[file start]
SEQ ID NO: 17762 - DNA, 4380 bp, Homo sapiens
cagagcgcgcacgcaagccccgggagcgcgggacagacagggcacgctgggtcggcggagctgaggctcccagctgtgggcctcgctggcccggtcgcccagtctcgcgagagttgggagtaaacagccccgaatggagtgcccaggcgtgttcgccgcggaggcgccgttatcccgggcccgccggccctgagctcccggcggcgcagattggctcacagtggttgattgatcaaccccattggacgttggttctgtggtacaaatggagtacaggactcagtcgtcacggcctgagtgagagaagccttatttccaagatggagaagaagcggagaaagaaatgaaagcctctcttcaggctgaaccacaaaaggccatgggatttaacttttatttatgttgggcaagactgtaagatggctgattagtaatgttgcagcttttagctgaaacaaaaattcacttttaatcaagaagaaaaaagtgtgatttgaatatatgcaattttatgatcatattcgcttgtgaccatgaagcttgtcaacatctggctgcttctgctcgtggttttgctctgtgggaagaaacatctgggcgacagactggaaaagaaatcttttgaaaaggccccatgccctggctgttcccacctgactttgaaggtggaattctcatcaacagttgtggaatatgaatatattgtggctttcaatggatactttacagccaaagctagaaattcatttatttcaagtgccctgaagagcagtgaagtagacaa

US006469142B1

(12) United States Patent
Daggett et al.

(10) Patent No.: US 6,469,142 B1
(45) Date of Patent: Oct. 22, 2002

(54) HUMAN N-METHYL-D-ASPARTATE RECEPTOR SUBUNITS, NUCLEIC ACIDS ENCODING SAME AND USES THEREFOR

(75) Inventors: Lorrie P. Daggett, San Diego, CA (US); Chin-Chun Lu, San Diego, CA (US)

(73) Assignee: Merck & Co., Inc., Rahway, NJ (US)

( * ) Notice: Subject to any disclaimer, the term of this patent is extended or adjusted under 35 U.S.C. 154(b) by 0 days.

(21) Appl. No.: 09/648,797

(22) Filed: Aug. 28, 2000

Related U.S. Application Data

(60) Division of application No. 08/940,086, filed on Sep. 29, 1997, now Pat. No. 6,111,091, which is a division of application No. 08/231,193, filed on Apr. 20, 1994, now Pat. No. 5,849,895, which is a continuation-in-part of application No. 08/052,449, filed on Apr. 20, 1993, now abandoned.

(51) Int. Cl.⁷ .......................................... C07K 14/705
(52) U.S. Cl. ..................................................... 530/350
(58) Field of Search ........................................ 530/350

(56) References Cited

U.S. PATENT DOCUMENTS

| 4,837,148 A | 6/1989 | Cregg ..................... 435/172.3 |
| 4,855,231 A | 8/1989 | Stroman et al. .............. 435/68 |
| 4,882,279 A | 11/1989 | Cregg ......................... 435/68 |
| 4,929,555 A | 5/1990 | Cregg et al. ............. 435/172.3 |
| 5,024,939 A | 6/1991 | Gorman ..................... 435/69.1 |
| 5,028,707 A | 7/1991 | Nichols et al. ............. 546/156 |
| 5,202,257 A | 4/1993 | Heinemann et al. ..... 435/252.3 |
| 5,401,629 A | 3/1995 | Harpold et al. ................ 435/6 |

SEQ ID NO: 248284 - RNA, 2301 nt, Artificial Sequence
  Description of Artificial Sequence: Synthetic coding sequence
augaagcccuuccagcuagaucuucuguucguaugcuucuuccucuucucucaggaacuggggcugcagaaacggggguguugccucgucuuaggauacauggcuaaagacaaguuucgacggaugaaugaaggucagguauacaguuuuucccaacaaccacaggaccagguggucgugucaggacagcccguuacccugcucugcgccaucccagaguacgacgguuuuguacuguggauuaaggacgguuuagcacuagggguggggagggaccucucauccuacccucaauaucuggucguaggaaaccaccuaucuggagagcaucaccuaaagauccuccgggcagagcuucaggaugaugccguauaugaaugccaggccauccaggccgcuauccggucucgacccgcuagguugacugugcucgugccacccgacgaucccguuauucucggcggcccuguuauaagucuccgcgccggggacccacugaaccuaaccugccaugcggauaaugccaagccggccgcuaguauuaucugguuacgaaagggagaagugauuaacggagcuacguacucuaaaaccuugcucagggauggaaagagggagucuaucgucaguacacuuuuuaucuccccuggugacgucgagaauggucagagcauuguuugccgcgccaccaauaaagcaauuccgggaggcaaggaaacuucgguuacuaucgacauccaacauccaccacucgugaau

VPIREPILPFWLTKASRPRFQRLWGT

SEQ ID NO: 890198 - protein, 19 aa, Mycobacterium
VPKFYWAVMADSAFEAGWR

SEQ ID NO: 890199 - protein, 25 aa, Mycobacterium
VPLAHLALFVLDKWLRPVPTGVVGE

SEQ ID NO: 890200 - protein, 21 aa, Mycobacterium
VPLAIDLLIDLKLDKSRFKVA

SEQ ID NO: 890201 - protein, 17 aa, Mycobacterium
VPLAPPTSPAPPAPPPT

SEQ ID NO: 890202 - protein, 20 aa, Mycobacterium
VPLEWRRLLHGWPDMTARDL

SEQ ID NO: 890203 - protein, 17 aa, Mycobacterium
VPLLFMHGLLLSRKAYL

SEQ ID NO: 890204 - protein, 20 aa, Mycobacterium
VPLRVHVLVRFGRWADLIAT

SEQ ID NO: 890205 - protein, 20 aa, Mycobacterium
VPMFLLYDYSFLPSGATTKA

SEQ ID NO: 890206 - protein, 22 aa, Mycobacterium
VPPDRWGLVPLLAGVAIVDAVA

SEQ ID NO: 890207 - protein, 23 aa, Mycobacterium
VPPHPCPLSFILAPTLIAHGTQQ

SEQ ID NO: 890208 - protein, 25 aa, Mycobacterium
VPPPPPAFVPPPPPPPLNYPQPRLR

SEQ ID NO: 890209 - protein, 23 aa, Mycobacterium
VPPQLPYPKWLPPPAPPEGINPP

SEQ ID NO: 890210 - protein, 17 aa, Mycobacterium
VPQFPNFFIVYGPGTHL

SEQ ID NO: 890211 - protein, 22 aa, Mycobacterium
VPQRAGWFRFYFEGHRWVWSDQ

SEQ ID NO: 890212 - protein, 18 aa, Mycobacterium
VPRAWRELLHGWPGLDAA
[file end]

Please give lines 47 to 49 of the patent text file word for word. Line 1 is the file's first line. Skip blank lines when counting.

SEQ ID NO: 890205 - protein, 20 aa, Mycobacterium
VPMFLLYDYSFLPSGATTKA

SEQ ID NO: 890206 - protein, 22 aa, Mycobacterium